People might find it strange that I would consider my very first job as the catalyst for my professional career. My jobs have taken me everywhere from being a waitress, to packing hoses at a parts factory as a college job to pay my way, to Counseling, to Rehab Therapy at a Mental Hospital, to a stint working at an insurance agency, and finally to my current profession of teaching. However my very first job prepared me for the world of work.
My very first job was as a Candy Striper at the age of 13. I can hear people saying, well that is volunteer so should not be considered work. Believe you me, Candy Stripers were expected to abide by the same regulations that other employees were. But first, anyone born past 1980 probably has no idea what a Candy Striper is.
A Candy Striper was usually a teenage girl, at least 13, who agreed to go through training, punch into a time clock, and serve as a volunteer in some area of the hospital. You could be working everywhere from answering phones at the front desk, to delivering meals, to taking gifts and flowers to the rooms. The name Candy Striper comes from the fact that the uniform was a striped red and white pinafore. Very few hospitals have this program now, and even fewer that have a volunteer program for teens call it a Candy Striper program.
Supposedly the program began in the 1940’s as a social outlet for a group of high school students in New Jersey. The girls sewed the dresses they would wear at school from material the teacher brought in. All the teacher had was red and white striped material. For some reason, the name stuck and the program began to grow across the United States. Now teen volunteers are used more for clerical duties, as there is concern about patient confidentiality. However when I was a Candy Striper I had full access to patients rooms. Listed are five ways that this prepared me for real life and future work.
1) Training is important.
We received two weeks training before being allowed to work in the hospital. We covered everything from relationships, to sympathy for patients, to practicing taking blood pressure and temperatures. Why we did the later, I am not sure as we were not allowed to do any nursing duties. We then discussed work habits like being on time, dressing appropriately, and what not to talk about at work.
2) Be dependable.
The next step was to be introduced to your unit or area where you would work. We were carefully advised to not be late, to show up when assigned, and to call in when ill. We were discouraged from calling in, unless we were ill or it was an emergency. What a great experience for a 13 year old. Right away I learned that any work , even volunteer work, was serious business. We were encouraged to be dependable.
3) Learn to be respectful to co – workers.
I noticed so many young 13 and 14 year olds who were rude and had a very negative attitude. I noticed quickly that those same young ladies never showed up for work again. Nothing was every said, but I got the message quickly. Be rude to your co-workers or bosses and you would have no job.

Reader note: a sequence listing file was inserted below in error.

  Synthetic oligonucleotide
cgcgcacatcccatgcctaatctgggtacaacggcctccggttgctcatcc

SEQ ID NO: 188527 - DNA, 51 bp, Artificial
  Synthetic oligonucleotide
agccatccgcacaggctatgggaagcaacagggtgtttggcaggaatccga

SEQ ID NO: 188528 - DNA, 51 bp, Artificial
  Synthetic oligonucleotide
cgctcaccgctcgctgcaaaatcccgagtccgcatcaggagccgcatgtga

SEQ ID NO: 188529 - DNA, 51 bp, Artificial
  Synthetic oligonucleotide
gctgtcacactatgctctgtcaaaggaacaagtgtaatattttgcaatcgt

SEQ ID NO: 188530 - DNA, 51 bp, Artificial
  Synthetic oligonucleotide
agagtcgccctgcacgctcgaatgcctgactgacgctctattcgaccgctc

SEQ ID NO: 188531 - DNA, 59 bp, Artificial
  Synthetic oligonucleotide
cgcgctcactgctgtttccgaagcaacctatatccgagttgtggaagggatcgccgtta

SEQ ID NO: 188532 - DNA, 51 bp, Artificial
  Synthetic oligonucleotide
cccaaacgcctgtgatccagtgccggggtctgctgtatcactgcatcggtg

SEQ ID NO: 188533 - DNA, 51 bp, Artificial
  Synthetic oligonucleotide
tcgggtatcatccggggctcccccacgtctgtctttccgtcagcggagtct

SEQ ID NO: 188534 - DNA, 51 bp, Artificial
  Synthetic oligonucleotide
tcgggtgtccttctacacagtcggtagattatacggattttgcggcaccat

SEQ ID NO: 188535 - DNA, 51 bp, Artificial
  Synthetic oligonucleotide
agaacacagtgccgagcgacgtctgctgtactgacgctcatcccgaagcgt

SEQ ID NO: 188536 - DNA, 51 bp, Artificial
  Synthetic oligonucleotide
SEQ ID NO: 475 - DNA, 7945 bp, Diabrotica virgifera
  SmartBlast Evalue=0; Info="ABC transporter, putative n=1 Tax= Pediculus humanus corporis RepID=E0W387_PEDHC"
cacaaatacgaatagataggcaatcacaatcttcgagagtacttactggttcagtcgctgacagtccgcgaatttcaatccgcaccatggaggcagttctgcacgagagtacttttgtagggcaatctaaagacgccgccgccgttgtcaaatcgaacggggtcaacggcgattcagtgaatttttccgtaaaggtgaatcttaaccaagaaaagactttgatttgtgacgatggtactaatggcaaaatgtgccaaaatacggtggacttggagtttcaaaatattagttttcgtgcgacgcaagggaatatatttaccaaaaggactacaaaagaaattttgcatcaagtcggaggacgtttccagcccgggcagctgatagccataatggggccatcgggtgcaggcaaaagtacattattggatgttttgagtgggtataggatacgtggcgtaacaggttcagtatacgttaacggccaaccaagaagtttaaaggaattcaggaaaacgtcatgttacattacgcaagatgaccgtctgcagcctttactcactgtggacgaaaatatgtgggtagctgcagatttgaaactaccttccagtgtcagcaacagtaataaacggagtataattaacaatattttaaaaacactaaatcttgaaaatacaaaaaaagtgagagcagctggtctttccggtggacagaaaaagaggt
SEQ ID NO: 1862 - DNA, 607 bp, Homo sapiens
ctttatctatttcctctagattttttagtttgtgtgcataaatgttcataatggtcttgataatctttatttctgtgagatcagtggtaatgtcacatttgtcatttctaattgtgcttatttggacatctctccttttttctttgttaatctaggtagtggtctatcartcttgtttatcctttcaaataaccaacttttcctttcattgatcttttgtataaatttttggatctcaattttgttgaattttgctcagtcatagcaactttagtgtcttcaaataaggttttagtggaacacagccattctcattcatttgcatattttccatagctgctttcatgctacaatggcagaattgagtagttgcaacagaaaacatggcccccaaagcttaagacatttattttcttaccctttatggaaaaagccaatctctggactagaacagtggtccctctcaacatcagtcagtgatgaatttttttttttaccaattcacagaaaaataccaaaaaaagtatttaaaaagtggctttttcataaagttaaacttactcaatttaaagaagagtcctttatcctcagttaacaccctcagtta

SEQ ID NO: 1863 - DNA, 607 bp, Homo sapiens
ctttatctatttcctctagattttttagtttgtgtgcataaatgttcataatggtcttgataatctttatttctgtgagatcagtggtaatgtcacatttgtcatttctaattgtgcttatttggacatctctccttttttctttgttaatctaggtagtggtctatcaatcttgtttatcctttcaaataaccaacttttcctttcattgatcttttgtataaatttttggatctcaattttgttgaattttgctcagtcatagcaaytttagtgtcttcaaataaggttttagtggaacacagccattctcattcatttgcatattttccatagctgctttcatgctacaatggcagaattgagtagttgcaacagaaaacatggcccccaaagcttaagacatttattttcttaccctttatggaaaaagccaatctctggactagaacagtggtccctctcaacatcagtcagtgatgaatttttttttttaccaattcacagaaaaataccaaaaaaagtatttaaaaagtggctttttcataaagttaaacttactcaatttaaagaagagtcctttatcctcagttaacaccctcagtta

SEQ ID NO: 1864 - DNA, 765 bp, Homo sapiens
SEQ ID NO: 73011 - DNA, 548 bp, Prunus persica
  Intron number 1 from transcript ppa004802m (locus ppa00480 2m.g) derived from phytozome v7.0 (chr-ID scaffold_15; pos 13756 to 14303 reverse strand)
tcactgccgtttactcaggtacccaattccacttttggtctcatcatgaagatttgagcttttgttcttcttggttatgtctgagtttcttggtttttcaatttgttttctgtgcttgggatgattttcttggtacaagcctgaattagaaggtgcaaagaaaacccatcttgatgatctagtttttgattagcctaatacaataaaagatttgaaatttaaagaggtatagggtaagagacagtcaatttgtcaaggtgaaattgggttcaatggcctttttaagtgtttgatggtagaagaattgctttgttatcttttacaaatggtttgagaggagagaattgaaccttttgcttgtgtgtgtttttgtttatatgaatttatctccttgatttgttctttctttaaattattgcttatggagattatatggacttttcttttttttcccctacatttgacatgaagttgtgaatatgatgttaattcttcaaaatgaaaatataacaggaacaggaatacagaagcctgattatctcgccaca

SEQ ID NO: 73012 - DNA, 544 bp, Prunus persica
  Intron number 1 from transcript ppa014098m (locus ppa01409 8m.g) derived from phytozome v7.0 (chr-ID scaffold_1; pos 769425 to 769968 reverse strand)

4) Be courteous to whomever your customers are.
There is probably no job that one can do where somewhere along the line, you do not have customers. Even the president has customers. They are of course considered the voters. During training, we were advised that the patients and their families were our customers. We were to be polite at all times and if an issue arouse, we were to contact our supervisor. Seems this is a lesson that a lot of people in the work world could use today. Remember the adage that the customer is always right.
5) Be flexible on a job and willing to transfer to other duties as needed.
During the two summers I worked as a Candy Striper I noticed that the Candy Stripers who stayed and started earning college scholarship money were those who were flexible and willing to work in different positions in the hospital. Those who were unwilling to do as they were requested seemed to not come back. I learned quickly that by making yourself a team player and being willing to be flexible, you would be seen as a valuable member of the team. I began by answering phones at the front desk, then graduate to serving food. Eventually , my job was to take flowers and gifts to the rooms.
Who knew that a Candy Striper learned so much? Above all else, I learned that there are rewards for a job well done. We had a yearly banquet where awards were given out, and the most profitable awards every year were four full scholarships to the nursing school on the hospital grounds. While I did not chose the field of nursing, I did maintain an A average in school and was rewarded with early admittance to college. I credit what I learned as a Candy Striper with helping me to stay on the right path in school and being chosen as one of four high school Juniors who were allowed to enter college a year early.
I am now a far cry from being a nurse, but the rules in the work world are basically the same wherever you may go. I would advise parents to let your child volunteer somewhere in your community and they can begin to learn what they will need for the rest of their work lives.